THE Church is in a
"unique position" to develop credit unions as an alternative to
payday lending companies, the Archbishop of Canterbury has
Speaking in the House of
Lords on 20 June, in a debate on alternatives to payday lenders,
Archbishop Welby said that "some five million people in this
country use payday loans. . . The situation is becoming too big to
"It is quite clear, when
I look at what is happening on the high street, and in our local
communities - particularly in the most deprived areas - that . . .
alternatives [to payday lenders] are very few and far between. My
own group, the Church, can play a part in the development of credit
unions up and down the country. . .
"For the credit-union
movement to be successful and sustainable, and other forms of local
finance to develop, we need a bottom-up movement of local
organisations' working to change the sources of supply. It will
take many years - ten to 15 years - but it must start now."
The Office of Fair
Trading (OFT) announced on Thursday of last week that it would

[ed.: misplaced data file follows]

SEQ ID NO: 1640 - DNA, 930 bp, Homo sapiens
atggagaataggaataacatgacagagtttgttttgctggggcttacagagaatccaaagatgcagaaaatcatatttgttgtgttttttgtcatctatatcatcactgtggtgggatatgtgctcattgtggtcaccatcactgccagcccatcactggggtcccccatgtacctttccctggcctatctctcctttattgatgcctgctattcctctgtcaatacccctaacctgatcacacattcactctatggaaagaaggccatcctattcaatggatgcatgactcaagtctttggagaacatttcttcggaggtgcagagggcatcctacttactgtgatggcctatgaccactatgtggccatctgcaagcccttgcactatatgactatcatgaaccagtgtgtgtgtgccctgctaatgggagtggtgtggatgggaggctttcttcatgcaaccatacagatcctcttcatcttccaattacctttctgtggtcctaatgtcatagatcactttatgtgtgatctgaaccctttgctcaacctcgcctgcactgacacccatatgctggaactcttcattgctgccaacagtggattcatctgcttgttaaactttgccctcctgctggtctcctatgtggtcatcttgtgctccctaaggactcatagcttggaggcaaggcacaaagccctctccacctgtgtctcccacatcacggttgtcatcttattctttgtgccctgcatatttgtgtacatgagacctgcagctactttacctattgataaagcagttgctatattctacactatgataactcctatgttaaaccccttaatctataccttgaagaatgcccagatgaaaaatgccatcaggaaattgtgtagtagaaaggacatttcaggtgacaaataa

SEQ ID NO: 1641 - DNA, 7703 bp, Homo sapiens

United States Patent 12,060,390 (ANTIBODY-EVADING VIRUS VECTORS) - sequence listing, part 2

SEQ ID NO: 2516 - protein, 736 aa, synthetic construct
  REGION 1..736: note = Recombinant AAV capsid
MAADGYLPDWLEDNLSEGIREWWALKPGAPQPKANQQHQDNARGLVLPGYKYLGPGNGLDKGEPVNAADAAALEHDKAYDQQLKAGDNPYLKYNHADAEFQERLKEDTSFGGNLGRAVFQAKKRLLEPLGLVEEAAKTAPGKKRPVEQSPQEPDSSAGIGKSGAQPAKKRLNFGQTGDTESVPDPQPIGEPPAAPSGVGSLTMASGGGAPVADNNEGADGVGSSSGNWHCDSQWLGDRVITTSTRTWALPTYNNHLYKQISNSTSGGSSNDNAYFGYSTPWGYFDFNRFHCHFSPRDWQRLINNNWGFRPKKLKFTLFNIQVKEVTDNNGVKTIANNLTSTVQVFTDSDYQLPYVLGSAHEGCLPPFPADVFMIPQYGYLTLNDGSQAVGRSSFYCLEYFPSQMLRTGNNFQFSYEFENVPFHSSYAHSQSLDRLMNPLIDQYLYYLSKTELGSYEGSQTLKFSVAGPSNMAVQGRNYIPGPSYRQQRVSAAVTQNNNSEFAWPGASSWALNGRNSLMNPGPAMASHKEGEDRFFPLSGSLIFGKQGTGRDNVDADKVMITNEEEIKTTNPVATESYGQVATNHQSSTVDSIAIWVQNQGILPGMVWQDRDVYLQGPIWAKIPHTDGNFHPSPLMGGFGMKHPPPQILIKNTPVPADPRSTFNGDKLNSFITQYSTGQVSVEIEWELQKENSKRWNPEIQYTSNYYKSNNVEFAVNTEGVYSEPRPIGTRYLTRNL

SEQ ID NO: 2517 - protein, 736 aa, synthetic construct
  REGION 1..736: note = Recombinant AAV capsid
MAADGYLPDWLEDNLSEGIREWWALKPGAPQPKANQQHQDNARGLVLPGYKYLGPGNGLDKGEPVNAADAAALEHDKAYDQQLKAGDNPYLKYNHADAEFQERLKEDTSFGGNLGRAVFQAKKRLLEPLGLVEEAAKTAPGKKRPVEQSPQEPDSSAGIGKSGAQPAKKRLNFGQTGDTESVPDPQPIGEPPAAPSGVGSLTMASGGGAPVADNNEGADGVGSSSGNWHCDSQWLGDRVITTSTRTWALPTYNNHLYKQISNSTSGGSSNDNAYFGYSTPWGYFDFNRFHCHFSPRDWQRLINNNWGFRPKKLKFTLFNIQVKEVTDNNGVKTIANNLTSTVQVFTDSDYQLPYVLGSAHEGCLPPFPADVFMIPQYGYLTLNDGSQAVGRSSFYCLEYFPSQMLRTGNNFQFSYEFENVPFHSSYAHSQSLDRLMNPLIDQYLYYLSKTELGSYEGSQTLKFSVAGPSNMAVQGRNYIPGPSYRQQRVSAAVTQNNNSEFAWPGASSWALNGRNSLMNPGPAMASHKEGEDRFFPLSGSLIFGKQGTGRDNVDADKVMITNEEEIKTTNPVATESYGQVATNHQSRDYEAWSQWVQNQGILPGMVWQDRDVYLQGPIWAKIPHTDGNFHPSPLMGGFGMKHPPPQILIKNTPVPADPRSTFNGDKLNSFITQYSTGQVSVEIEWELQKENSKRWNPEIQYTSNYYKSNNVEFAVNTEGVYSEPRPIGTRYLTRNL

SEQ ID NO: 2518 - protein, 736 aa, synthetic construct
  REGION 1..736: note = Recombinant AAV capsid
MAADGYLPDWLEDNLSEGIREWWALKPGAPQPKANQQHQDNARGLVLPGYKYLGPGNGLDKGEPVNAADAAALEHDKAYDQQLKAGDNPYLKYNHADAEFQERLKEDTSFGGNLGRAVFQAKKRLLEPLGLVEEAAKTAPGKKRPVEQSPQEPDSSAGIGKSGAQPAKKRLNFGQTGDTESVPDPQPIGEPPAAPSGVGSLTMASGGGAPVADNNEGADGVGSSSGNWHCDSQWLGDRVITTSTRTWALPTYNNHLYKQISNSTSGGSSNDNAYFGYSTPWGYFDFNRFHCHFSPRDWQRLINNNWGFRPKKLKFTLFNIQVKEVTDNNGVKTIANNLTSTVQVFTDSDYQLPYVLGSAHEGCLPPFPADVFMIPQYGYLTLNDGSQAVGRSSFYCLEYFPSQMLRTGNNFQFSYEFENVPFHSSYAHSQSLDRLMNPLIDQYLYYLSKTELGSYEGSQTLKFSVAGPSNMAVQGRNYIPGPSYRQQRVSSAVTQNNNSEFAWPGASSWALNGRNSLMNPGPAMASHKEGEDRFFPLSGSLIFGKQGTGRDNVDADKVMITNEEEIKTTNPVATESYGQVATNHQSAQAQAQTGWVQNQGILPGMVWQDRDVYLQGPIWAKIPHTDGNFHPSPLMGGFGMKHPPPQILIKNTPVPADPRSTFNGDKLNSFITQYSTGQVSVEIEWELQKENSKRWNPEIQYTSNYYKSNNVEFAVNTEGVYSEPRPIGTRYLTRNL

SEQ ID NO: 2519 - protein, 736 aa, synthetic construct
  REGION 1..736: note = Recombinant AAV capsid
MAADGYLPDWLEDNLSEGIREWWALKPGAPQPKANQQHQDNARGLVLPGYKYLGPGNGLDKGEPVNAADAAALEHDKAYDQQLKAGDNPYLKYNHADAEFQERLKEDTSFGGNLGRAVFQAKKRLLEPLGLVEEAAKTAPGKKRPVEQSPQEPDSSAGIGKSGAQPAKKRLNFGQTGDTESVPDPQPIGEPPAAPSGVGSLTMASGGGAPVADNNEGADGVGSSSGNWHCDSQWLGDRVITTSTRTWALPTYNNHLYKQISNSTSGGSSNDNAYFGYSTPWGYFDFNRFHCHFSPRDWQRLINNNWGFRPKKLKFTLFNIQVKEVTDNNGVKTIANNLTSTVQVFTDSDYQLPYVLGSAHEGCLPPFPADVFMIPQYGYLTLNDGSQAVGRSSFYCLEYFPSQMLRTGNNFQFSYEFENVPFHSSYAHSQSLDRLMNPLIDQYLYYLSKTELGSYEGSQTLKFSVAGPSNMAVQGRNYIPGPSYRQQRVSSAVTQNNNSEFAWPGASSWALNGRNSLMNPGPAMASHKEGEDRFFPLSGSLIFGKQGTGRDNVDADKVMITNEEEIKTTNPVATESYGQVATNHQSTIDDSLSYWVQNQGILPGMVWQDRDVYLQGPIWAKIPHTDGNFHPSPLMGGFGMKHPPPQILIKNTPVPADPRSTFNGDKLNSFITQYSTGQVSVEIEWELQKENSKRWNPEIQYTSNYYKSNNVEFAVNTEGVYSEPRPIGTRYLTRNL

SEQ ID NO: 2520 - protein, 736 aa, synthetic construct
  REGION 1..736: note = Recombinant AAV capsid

refer the payday lending industry in the UK to the Competition
Commission, because of concerns about "deep-rooted problems with
the way competition works". Earlier this year, the OFT gave the
leading 50 payday lenders "12 weeks to change their business
practices, or risk losing their licences" (
News, 15 March).
The Government convened a
"summit" on Monday, at the Department for Business, Innovation, and
Skills (BIS), to address concerns about the payday lending
industry. Speaking after the summit, the Economic Secretary to the
Treasury, Sajid Javid, said that the Financial Conduct Authority,
which will regulate the industry from 2014, would have "some real
teeth. They're going to feel the hand of the regulator on their
BIS has commissioned
research into the effect of advertising by payday lending companies
on consumer behaviour, which will be published in the autumn.
Payday lending companies
have come under pressure from activists in recent weeks. A group of
campaigners from the University of East London, and the community
organisers Citizens UK, has secured a meeting with an executive
from the Money Shop, a payday lending firm, and will request that
the company end practices such as rolling over loans and selling
multiple loans. The campaigners also requested that the company
advertised free debt-counselling services in its branches.
Bishop backs voucher scheme. The Bishop of
Ripon & Leeds, the Rt Revd John Packer, has endorsed a voucher
scheme, "Give Us Some Credit", which has been commissioned by St
George's Crypt, in Leeds, as a way to help people who are begging.
Vouchers can be bought from the Crypt, and given to people who are
begging. They can be redeemed at one of the Crypt's cafés.